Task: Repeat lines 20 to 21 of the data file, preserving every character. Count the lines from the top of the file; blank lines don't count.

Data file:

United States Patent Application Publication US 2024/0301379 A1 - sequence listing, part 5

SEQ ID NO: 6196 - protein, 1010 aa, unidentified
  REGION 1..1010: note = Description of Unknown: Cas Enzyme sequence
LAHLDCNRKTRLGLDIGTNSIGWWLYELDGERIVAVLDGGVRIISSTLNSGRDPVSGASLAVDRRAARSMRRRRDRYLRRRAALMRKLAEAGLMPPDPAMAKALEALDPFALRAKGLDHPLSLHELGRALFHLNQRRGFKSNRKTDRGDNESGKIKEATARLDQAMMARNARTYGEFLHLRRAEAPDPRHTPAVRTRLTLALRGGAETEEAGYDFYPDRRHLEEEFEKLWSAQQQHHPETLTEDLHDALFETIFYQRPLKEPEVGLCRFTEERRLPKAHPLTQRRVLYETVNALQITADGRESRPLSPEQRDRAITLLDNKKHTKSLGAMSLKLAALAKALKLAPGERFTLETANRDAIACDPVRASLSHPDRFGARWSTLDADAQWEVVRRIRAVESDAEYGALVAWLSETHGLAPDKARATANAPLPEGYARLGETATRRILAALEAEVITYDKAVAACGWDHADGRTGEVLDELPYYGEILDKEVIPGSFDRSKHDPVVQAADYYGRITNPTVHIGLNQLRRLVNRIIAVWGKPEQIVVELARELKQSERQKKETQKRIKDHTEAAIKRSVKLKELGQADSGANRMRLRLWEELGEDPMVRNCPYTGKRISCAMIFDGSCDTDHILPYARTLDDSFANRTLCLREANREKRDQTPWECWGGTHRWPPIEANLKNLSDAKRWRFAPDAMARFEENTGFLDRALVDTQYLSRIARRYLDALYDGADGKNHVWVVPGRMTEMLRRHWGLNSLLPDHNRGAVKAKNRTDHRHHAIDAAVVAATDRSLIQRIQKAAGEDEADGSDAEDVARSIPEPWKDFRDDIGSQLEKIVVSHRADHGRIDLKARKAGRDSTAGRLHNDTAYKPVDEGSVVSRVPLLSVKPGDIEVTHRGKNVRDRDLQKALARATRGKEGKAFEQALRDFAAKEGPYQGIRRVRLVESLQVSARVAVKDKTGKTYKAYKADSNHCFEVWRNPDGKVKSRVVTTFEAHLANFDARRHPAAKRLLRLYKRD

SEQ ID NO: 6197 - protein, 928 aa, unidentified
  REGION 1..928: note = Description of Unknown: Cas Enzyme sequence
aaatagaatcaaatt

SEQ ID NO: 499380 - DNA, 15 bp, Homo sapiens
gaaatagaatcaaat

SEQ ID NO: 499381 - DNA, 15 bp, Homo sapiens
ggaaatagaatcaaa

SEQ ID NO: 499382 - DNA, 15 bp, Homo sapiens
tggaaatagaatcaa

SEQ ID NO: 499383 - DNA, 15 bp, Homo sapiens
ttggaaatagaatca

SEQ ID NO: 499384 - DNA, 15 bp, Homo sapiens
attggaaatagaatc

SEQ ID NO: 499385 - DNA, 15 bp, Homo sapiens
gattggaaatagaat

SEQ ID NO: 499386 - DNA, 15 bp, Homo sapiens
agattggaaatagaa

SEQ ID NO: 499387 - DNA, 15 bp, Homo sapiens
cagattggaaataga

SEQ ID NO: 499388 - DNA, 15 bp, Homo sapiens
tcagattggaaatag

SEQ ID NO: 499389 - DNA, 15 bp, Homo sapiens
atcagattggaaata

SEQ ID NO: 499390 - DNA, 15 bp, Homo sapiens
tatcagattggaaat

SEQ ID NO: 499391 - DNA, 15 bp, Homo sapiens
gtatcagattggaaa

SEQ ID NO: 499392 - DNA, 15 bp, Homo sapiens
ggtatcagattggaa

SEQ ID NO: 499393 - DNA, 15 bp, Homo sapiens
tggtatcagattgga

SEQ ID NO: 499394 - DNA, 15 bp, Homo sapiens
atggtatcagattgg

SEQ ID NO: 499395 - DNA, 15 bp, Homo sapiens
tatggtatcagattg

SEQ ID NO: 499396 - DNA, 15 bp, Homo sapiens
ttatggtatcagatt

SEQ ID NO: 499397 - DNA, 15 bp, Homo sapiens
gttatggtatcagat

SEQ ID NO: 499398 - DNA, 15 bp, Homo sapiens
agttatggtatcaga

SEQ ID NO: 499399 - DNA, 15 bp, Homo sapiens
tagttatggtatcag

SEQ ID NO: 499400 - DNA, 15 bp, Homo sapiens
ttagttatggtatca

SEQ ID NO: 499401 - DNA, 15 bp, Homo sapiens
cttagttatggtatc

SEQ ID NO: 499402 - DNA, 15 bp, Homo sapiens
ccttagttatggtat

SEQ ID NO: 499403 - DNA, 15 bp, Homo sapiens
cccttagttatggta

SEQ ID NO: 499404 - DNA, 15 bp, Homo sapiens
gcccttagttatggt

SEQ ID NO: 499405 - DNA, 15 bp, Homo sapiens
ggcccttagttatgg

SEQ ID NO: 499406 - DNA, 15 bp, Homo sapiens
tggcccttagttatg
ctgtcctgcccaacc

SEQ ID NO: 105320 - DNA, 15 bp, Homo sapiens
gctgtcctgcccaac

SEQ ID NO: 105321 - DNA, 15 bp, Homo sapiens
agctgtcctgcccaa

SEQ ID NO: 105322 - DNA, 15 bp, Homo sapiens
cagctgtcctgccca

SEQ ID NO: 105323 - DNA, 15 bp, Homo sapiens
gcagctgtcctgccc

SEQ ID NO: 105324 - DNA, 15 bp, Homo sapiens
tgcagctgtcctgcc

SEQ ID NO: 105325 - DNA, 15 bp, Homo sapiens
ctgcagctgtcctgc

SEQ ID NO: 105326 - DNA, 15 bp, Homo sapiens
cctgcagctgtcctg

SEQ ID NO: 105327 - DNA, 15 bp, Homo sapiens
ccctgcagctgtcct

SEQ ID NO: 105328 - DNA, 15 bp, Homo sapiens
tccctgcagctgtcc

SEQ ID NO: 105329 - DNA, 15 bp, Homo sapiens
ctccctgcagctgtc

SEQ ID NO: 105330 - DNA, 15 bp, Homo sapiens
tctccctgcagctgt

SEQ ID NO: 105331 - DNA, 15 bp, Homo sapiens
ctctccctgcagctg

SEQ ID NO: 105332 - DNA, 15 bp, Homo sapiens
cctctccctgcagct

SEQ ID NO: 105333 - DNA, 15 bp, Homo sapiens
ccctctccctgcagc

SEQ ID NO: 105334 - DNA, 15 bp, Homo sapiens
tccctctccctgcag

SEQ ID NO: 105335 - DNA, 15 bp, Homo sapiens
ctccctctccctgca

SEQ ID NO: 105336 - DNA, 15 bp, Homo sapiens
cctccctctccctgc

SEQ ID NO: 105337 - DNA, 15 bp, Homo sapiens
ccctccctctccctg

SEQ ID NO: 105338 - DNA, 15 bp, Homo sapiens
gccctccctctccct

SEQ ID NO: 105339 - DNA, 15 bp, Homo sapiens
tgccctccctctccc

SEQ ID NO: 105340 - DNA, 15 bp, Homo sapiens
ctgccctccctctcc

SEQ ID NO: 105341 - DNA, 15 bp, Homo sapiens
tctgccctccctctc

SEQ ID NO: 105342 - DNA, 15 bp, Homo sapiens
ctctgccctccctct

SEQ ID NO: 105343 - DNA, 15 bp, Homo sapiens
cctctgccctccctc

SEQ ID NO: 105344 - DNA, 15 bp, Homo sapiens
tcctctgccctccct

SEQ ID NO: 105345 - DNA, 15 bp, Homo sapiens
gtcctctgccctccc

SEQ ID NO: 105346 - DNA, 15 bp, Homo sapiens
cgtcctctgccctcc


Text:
SEQ ID NO: 499386 - DNA, 15 bp, Homo sapiens
agattggaaatagaa